Meeker on mobile

Effective CPM on mobile internet

Analyst Mary Meeker believe we have only begun to see the growth of mobile usage.

But in her presentation on internet trends at the D10 conference today, she pointed out how low the returns are for businesses trying to monetise their mobile sites.

Average CPMs on mobile are a 5th of those on the desktop internet.

Average revenue per mobile user is 1.7 to 5 times lower than on the desktop internet.

Mary Meeker’s full presentation: Internet Trends

International news organizations ignore Canadian tragedy

NDP leader Jack Layton

Jack Layton. Picture: NDP

I’m surprised and disappointed that at least two major international news organisations still have not reported the death yesterday of Jack Layton, leader of Canada’s official opposition.

More than 36 hours after Mr Layton’s untimely death at the age of 61, searching the websites of CNN and Al Jazeera English turns up nothing. (Screenshots here and here.)

And if the websites don’t have it, then I’d be surprised if the TV channels mentioned it at all.

Mr Layton died just three months after leading the New Democratic Party to a record-breaking result, including a virtual sweep of seats in Quebec. During the cross-country campaign, he looked to have made a remarkable recovery from prostate cancer. Then last month, looking gaunt, he announced that he had another form of cancer and would be stepping aside while undergoing treatment.

His family announced his death Monday morning, Toronto time, shocking the nation and triggering a public outpouring of grief.

Regardless of one’s political views, I think it is fair to call this a Canadian tragedy. Mr Layton was widely respected as a man of integrity, optimism and goodwill. His party has been responsible for some of the most cherished Canadian institutions, including pensions and universal health care. The NDP was to be a vital counterweight to the majority Conservative government in the new Parliament.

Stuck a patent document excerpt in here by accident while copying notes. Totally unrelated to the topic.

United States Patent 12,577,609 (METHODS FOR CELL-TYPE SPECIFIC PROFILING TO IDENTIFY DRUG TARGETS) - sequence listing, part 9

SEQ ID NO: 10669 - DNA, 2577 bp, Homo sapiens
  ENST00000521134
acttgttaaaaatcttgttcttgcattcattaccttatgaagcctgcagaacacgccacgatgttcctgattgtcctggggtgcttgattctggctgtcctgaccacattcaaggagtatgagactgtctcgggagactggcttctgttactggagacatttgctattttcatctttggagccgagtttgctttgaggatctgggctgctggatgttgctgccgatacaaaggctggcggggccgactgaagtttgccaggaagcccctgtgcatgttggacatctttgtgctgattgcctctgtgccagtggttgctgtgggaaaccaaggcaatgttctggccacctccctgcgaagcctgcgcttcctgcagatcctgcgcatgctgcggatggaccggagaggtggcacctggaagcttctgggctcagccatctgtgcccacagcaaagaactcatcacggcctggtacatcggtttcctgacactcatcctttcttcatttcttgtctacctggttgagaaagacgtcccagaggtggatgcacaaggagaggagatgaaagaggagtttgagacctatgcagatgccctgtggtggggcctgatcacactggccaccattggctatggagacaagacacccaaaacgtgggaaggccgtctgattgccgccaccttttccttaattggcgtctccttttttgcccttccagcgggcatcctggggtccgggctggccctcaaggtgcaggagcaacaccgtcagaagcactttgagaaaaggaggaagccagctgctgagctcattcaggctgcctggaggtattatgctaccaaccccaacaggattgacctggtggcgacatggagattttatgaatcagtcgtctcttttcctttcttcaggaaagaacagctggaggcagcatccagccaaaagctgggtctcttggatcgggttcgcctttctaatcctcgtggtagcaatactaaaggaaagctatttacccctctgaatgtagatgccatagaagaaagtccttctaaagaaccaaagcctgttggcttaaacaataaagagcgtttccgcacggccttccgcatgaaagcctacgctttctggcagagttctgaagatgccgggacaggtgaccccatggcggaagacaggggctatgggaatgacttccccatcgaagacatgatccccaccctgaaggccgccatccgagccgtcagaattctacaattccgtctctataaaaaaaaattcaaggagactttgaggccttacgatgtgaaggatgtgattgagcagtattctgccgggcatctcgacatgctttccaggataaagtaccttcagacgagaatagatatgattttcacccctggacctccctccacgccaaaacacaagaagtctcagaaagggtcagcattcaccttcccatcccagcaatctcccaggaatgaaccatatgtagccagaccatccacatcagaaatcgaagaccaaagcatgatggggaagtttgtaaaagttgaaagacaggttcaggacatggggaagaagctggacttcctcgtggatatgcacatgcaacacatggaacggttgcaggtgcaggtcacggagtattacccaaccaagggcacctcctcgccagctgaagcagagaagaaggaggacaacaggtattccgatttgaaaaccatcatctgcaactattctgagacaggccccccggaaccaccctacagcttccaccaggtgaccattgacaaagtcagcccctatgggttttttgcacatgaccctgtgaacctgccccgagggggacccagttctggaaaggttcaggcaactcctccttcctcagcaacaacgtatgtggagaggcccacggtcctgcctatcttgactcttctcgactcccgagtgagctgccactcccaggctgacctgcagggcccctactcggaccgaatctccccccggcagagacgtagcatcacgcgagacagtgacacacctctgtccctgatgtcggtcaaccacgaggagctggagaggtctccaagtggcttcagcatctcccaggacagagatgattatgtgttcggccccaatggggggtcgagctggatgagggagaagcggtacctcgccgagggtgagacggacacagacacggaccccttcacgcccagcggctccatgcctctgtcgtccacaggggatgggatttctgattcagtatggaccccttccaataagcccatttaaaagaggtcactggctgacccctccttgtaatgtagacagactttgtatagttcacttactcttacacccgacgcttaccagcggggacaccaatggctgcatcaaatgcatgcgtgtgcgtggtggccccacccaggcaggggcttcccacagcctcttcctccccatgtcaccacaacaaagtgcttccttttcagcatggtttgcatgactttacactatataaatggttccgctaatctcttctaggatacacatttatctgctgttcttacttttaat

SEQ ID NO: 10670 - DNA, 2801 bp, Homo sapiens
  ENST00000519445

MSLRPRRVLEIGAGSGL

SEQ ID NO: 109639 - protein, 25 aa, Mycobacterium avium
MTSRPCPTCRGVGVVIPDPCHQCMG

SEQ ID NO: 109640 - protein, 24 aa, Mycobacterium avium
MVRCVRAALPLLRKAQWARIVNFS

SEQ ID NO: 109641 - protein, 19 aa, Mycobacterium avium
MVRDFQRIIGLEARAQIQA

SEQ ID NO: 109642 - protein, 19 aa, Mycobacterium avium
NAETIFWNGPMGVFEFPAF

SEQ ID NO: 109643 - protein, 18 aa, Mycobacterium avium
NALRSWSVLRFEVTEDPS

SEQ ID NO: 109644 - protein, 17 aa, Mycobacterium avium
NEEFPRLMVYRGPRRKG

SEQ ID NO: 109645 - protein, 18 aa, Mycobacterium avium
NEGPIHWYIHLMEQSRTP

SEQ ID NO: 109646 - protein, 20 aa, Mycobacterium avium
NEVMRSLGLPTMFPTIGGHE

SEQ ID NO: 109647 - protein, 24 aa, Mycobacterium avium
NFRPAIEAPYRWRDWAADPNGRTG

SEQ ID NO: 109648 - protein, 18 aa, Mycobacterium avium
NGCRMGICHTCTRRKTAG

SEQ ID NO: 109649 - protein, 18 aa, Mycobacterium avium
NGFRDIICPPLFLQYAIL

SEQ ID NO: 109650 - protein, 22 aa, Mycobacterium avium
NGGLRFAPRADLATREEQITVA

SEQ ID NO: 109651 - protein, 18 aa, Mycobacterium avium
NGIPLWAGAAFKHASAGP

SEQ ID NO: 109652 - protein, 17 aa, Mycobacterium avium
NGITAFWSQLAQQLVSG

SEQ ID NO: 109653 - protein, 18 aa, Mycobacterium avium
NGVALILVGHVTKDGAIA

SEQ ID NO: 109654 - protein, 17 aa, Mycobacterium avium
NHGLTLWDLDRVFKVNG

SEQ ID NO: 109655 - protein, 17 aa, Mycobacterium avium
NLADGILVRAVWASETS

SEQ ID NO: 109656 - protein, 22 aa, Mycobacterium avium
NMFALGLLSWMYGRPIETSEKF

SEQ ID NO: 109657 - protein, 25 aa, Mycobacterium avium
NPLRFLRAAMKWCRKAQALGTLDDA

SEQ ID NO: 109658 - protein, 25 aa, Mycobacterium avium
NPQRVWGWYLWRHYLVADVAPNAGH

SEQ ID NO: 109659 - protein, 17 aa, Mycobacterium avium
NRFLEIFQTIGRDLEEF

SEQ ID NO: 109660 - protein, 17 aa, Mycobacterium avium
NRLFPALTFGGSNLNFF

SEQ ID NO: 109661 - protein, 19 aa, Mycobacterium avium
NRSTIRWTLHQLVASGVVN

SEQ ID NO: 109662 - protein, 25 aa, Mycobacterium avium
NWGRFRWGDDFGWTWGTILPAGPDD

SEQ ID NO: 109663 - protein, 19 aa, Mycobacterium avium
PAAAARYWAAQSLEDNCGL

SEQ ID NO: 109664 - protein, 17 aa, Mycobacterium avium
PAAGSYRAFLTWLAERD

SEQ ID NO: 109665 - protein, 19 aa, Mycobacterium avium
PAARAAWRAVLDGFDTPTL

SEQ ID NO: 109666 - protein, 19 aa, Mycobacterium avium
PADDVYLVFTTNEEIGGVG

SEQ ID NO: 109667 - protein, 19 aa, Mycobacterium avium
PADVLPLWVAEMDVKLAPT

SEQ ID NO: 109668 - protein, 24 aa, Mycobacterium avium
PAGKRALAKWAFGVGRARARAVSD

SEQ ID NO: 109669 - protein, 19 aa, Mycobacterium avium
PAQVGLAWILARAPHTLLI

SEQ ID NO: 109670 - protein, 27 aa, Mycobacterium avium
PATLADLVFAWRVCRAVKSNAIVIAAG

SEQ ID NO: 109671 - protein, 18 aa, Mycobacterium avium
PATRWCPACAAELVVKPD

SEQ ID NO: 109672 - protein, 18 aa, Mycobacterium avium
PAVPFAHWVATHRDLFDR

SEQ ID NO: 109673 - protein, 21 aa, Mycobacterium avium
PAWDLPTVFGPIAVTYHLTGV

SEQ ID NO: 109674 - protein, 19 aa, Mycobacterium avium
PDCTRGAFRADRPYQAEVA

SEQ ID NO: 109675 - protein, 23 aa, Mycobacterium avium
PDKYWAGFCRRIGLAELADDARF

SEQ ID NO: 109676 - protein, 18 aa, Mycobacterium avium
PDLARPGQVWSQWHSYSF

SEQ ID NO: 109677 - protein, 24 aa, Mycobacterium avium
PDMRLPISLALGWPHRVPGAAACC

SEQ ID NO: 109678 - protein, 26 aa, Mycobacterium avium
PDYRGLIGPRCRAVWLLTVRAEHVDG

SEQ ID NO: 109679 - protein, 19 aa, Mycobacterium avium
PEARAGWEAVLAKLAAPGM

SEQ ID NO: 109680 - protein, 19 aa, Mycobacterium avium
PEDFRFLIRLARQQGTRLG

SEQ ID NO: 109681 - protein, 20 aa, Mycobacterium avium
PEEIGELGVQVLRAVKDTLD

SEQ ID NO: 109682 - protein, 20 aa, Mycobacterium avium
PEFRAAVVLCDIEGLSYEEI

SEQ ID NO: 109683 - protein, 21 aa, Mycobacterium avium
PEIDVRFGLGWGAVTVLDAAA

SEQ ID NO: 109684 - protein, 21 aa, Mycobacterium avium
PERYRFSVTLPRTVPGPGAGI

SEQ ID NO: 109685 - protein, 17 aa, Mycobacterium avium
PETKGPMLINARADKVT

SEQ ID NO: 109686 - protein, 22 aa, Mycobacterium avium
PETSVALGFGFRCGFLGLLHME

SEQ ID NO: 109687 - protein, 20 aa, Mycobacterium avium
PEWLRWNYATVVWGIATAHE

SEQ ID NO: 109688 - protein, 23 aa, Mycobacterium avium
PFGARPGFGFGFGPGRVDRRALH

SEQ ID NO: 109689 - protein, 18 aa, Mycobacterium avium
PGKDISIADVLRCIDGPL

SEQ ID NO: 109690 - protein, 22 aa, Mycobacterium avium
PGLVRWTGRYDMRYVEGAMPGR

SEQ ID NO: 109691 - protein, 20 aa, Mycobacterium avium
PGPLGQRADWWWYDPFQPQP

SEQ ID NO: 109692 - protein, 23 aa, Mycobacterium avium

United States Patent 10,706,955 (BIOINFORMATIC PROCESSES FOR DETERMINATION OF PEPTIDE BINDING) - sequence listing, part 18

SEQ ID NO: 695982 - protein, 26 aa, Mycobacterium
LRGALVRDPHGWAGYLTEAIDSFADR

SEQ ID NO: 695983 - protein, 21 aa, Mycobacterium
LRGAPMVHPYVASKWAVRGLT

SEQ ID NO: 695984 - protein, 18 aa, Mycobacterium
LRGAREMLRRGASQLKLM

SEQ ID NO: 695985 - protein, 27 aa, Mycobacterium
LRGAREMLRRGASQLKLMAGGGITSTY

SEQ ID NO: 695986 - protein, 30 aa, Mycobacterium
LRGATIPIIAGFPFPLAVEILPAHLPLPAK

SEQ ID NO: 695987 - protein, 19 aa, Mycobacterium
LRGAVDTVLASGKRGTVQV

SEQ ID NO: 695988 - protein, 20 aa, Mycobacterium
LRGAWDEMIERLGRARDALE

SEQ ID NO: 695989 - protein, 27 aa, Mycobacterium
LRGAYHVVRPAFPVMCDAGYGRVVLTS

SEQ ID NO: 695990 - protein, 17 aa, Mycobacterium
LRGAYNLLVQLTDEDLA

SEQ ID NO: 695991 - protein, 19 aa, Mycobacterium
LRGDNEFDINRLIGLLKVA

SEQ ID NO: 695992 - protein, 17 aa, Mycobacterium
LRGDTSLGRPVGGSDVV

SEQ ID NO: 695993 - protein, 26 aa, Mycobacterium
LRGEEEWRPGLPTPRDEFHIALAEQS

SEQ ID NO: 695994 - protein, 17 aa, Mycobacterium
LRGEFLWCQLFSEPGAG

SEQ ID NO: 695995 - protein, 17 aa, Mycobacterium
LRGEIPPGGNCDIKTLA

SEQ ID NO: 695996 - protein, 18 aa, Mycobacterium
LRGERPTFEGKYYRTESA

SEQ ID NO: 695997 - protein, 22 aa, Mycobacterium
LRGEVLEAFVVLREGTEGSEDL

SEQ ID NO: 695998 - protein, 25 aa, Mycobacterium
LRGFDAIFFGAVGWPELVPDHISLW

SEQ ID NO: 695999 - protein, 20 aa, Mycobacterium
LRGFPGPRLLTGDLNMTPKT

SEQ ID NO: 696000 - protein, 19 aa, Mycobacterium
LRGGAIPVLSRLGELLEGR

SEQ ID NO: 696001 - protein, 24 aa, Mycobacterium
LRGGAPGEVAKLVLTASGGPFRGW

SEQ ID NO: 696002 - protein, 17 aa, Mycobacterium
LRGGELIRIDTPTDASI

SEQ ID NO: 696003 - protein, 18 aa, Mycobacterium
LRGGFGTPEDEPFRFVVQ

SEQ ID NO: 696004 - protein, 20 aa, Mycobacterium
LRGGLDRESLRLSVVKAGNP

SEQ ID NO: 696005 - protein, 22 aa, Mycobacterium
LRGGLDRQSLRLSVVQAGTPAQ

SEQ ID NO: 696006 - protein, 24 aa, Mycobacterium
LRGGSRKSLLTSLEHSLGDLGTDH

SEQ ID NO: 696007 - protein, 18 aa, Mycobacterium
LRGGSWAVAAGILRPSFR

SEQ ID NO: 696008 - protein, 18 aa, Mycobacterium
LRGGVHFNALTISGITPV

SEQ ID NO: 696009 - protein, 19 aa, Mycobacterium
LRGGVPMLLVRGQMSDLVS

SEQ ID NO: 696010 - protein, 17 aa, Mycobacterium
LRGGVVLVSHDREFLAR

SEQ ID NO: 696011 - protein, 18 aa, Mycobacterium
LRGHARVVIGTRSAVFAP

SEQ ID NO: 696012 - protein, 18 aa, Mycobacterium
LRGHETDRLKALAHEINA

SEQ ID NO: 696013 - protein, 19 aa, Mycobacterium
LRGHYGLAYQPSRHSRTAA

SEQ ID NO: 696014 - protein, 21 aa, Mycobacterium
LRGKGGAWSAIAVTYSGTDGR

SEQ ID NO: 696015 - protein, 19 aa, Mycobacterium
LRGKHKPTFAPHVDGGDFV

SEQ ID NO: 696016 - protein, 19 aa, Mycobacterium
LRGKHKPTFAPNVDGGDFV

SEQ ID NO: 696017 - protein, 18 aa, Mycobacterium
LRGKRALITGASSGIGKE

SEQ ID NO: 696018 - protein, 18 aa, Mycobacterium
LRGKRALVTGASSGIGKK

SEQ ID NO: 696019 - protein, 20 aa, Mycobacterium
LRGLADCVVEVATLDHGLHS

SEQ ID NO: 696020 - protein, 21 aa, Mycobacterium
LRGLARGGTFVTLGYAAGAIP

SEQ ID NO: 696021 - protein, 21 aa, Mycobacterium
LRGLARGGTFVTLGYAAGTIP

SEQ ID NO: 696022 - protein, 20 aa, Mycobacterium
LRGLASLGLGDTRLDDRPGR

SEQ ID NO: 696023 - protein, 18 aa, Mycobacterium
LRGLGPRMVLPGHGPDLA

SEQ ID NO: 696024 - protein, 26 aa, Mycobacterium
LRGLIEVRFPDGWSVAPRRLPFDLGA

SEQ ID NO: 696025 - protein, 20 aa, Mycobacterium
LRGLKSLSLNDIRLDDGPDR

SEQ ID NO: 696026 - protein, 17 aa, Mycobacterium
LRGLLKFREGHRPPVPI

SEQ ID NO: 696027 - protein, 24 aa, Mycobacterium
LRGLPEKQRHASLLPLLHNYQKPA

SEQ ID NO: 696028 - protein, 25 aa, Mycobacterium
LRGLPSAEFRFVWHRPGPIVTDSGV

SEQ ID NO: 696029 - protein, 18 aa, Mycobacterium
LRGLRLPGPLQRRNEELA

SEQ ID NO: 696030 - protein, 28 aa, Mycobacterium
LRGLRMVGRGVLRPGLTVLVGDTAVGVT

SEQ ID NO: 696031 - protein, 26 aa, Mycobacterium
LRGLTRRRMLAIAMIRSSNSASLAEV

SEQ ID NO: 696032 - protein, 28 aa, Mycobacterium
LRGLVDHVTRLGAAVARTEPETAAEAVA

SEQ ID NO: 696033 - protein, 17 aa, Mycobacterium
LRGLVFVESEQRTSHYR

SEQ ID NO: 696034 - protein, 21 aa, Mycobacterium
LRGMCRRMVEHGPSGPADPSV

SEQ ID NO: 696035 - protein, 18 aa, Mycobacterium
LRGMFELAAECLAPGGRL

I’m not surprised that Fox News ignored his death. But the indifference of bona fide news services CNN and Al Jazeera only compounds this tragedy.

Yes, the events in Tripoli deserved top billing. But CNN had plenty of room for Ms Kardashian and endless football reports.

Here in New Zealand both TV newscasts led with bloated coverage of rugby, before moving on to the war in Libya. But that was no surprise, I’m sad to say. Some things never change.

Read Jack Layton’s remarkable letter to Canadians, written just two days before he died.

Video of Rick Mercer visiting Jack Layton at his eco-home




Warning: this post contains graphic scenes

Circulation declines. Source: The Awl. Click for full graphic.

Today, a roundup of some graphs related to yesterday’s release of newspaper circulation numbers in the United States.

Warning, these graphs may disturb anyone who believes printed news isn’t fading fast. Discretion is advised.

  • How much has newspaper household penetration fallen since WW2? From almost 130 per cent to only 33 per cent. Allan Mutter charts it.
  • How is circulation changing at the country’s largest papers? Hint: You wouldn’t want to work for the SF Chronicle. The NewsCred blog paints a colorful but ugly picture.
  • How has circulation changed for six major newspapers since 1990? If you’re the Wall Street Journal (which can count its paid online subscribers in total circulation) things are great. Otherwise, this is a roller coaster that now only goes downhill. The Awl tracks the trends.
  • And finally, how have newspapers themselves reported circulation? With fewer hard numbers, more references to percentage changes and a focus on trying to tell their own positive story. Again, from The Awl.

Video: Saving the Silverton Standard

Saving the Silverton Standard - Click to watch video

John Temple mentioned this wonderful story a couple of weeks ago on his blog, and I thought it was well worth sharing.

The town of Silverton, Colorado has saved its weekly newspaper in an innovative way. Read John’s post, or better yet watch the video above to get the story.

Talk about being a jack-of-all-trades! In the video, Mark Esper runs down the list of jobs he holds in the one-person operation. And that doesn’t even include running the Silverton Standard’s website.

Washington Post closing hyperlocal site

After two years of trying and failing to make a buck on its hyperlocal website LoudounExtra.com, the Washington Post will close the site next month.

Rafat Ali has the story at PaidContent.org, while former LoudounExtra blogger Tammi Marcoullier posts a few thoughts on the site’s demise.

As Rafat points out, the closure stands in interesting contrast to yesterday’s news that MSNBC is purchasing hyperlocal data service EveryBlock.

Residents of Loudoun County, a suburb of Washington DC, have also just lost their only local radio station.